On the expenditure side, operating costs increased by 5.4% to €102.6 million (2020: €97.4 million) when excluding a restructuring provision of €2.8 million related to two Voluntary Redundancy Schemes launched in 2021. In this respect, HSBC Malta explained that although it continues to achieve sustainable savings from the transformation programmes launched in 2019 and 2021, non-staff costs increased by €9.5 million reflecting higher compliance costs due to increased monitoring, transformation expenses, regulatory fees, fraud losses, as well as higher investment in digitalisation.

In contrast, the Bank’s financial performance was boosted by the release of ECL amounting to €1 million compared to the charge of €25.6 million taken on in 2020. The release in ECL mainly reflected the performance of specific customers rather than an improvement in the economic outlook. The Commercial Banking business reported a net release of €1.6 million as recoveries on non-performing loans (“NPL”) and the improved performance of a number of corporate names outweighed the charges linked to credit deterioration of other customers. On the other hand, Wealth and Personal Banking incurred a net charge of €0.6 million reflecting the extension of moratoria measures which exceeded reported recoveries.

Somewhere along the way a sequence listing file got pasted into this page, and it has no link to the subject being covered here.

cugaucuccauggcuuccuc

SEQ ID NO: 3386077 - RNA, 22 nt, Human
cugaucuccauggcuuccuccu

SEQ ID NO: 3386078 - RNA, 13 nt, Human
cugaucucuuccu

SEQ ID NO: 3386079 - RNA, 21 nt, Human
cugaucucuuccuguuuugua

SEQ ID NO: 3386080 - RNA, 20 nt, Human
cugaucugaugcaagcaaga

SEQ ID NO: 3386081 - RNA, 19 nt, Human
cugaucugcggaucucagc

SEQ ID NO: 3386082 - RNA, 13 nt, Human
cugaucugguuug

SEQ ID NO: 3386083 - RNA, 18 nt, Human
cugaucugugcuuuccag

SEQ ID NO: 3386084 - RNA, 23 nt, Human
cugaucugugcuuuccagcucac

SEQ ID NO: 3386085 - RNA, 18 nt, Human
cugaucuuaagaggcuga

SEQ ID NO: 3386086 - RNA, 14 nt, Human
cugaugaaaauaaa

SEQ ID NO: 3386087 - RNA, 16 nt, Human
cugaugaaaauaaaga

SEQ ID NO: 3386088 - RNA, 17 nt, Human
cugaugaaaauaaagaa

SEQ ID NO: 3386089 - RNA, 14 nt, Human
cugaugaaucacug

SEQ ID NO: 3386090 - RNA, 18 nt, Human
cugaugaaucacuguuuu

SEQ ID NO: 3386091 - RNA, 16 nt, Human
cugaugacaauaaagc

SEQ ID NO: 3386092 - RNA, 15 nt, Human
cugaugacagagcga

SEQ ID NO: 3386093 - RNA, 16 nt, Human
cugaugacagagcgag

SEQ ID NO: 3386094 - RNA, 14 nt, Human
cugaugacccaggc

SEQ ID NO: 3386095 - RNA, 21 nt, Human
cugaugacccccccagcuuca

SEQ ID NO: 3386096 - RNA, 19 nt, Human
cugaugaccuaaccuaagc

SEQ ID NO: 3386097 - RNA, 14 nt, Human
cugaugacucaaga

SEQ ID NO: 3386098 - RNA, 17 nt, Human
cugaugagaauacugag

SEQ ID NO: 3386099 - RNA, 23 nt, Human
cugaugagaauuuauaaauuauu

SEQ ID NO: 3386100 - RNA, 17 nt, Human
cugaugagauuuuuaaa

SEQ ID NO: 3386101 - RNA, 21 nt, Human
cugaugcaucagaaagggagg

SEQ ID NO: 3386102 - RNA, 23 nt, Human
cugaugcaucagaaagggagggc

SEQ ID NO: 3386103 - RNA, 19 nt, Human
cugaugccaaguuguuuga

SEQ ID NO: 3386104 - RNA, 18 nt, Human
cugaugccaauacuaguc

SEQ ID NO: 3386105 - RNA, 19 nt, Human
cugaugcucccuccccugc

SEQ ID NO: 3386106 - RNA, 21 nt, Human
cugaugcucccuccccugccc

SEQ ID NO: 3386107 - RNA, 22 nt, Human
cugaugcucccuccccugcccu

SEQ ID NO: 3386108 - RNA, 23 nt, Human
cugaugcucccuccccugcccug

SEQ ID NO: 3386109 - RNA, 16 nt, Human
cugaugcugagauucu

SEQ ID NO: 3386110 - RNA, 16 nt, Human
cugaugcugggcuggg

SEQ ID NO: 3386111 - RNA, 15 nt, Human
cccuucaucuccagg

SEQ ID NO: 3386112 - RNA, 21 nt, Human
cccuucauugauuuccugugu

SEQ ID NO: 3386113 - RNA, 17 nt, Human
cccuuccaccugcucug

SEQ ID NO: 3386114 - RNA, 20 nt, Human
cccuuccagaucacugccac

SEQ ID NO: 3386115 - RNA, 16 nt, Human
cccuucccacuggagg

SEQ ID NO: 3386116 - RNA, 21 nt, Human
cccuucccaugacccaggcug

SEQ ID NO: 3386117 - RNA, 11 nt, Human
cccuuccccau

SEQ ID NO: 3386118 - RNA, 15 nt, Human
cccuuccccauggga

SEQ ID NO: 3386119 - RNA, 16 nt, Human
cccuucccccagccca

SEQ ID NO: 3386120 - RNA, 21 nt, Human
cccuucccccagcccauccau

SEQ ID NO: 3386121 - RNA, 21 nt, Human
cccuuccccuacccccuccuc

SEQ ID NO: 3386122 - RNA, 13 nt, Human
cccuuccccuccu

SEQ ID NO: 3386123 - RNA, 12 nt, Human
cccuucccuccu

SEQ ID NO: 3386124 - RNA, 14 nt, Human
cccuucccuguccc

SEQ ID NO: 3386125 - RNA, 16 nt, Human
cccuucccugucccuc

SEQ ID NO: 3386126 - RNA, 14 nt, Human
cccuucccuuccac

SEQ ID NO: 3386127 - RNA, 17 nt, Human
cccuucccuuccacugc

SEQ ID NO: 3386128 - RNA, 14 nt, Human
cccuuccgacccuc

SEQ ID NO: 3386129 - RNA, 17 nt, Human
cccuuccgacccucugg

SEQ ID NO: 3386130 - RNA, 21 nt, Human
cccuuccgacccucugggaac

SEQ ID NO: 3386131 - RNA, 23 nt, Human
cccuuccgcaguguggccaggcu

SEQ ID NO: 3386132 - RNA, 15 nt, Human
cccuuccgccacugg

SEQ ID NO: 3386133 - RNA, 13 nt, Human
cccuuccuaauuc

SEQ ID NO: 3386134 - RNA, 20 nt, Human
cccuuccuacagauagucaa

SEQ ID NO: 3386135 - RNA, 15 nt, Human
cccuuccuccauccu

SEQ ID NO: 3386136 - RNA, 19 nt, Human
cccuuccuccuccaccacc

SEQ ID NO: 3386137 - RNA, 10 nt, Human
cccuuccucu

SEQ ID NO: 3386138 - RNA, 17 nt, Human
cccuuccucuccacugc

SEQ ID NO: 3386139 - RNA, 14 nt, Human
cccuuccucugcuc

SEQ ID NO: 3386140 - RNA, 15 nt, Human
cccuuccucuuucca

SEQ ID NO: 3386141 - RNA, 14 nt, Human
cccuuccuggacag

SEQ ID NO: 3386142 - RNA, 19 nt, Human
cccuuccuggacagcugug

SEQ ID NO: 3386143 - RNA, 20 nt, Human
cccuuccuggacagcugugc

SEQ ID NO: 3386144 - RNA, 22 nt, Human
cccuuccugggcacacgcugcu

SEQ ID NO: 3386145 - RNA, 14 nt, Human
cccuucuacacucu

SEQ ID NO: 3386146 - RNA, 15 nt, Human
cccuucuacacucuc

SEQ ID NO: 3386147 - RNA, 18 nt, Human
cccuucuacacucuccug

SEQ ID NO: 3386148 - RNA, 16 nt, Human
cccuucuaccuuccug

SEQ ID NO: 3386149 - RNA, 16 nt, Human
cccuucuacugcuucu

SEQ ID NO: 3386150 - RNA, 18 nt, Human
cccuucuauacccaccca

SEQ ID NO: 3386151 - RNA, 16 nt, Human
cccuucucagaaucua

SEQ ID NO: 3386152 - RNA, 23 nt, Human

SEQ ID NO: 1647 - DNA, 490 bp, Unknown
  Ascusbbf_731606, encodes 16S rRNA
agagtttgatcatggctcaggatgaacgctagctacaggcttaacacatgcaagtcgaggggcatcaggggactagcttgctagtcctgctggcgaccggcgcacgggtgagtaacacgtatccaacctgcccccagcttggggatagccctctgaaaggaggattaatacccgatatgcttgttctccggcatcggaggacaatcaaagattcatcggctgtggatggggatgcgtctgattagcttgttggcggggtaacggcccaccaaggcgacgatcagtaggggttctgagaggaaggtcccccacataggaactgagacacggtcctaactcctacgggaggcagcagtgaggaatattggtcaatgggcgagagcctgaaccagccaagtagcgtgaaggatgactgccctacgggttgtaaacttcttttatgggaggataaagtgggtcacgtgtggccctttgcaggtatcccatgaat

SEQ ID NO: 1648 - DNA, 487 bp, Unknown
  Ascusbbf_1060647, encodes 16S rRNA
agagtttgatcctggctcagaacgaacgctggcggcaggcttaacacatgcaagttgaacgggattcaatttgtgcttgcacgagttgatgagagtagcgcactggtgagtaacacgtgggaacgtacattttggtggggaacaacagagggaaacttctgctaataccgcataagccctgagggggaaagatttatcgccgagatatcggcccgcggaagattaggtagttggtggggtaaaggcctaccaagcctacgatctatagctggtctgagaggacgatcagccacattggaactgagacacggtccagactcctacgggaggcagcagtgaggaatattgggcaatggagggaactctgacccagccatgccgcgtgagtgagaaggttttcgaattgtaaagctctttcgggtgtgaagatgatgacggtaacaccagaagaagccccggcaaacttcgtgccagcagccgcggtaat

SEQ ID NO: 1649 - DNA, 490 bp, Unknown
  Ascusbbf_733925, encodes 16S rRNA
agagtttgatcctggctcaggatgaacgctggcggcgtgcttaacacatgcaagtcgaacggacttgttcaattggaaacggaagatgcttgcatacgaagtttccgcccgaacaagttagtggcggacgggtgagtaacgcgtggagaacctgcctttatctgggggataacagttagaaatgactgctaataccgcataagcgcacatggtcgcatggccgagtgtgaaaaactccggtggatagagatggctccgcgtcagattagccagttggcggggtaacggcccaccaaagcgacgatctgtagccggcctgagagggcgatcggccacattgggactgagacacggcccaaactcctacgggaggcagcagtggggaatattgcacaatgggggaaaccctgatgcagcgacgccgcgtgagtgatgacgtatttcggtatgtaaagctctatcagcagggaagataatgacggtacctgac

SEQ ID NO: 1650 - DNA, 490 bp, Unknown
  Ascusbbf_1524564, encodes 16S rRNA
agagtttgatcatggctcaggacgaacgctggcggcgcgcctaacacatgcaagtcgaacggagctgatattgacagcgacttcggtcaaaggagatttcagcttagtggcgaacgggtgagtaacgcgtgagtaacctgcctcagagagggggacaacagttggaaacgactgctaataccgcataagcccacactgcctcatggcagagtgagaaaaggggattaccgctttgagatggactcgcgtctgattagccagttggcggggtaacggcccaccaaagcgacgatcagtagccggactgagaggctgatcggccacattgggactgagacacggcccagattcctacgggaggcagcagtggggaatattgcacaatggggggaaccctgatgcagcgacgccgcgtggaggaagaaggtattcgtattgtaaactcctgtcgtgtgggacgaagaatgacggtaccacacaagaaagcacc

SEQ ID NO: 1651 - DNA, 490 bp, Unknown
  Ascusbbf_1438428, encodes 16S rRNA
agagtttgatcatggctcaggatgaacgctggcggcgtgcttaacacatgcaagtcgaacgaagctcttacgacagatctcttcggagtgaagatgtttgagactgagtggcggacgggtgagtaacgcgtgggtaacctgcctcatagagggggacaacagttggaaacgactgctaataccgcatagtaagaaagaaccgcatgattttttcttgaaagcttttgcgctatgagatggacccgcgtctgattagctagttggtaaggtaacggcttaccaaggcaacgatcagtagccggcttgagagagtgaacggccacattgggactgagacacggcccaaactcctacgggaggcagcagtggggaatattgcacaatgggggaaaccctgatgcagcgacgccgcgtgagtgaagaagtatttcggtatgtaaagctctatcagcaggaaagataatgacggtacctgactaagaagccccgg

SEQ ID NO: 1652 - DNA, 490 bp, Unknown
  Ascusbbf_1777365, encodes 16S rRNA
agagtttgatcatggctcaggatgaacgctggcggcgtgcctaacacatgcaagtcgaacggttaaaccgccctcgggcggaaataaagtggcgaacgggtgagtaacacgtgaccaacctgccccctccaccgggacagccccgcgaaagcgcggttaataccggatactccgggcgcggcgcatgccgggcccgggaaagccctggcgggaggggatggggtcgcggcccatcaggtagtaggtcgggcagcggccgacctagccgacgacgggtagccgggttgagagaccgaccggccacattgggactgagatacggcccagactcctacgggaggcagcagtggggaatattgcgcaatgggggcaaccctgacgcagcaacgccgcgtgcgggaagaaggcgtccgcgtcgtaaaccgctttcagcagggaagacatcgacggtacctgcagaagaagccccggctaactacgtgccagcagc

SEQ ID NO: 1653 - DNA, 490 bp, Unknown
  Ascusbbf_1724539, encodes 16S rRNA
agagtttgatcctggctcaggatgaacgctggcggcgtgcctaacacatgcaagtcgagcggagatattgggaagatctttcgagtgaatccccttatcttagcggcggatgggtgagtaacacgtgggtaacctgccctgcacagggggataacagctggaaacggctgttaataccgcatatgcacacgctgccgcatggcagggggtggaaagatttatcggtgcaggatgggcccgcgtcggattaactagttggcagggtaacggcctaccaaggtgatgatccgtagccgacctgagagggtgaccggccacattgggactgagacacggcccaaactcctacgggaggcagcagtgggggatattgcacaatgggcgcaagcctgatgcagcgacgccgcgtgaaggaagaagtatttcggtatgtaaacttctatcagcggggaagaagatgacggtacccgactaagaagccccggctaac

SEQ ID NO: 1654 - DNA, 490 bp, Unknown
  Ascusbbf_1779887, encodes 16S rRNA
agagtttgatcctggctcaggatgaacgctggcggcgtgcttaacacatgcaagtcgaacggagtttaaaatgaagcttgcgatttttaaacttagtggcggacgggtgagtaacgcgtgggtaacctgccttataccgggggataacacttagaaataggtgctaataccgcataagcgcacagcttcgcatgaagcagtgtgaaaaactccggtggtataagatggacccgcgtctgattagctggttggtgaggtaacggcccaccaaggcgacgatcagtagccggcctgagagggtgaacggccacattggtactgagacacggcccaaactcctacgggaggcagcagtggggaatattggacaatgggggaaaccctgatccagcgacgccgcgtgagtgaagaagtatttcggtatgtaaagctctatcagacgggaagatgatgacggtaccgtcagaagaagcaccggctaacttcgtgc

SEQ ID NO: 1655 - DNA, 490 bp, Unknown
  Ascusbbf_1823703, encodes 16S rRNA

Overall, HSBC Malta reported a profit before tax (“PBT”) of €26.9 million which although is considerably higher than the reported figure of €10.4 million in 2020, it is 12.5% lower than the PBT of €30.7 million achieved in 2019 prior to the outbreak of the pandemic. After accounting for a tax charge of €9.13 million, the net profit figure for the year amounted to €17.8 million which, in turn, translates into a return on equity of 3.67% (compared to 4.34% in 2019 and an average of 7% for the previous five years).

The Statement of Financial Position as at 31 December 2021 shows that total assets increased by 6.6% (or +€444.3 million) to €7.17 billion reflecting the surge in overnight deposits and other liquid assets to €2.12 billion compared to €1.59 billion as at the end of 2020. In contrast, financial assets and investments remained virtually unchanged at €1.61 billion whilst customer loans dropped by 2.1% (or -€67.9 million) to just under €3.2 billion.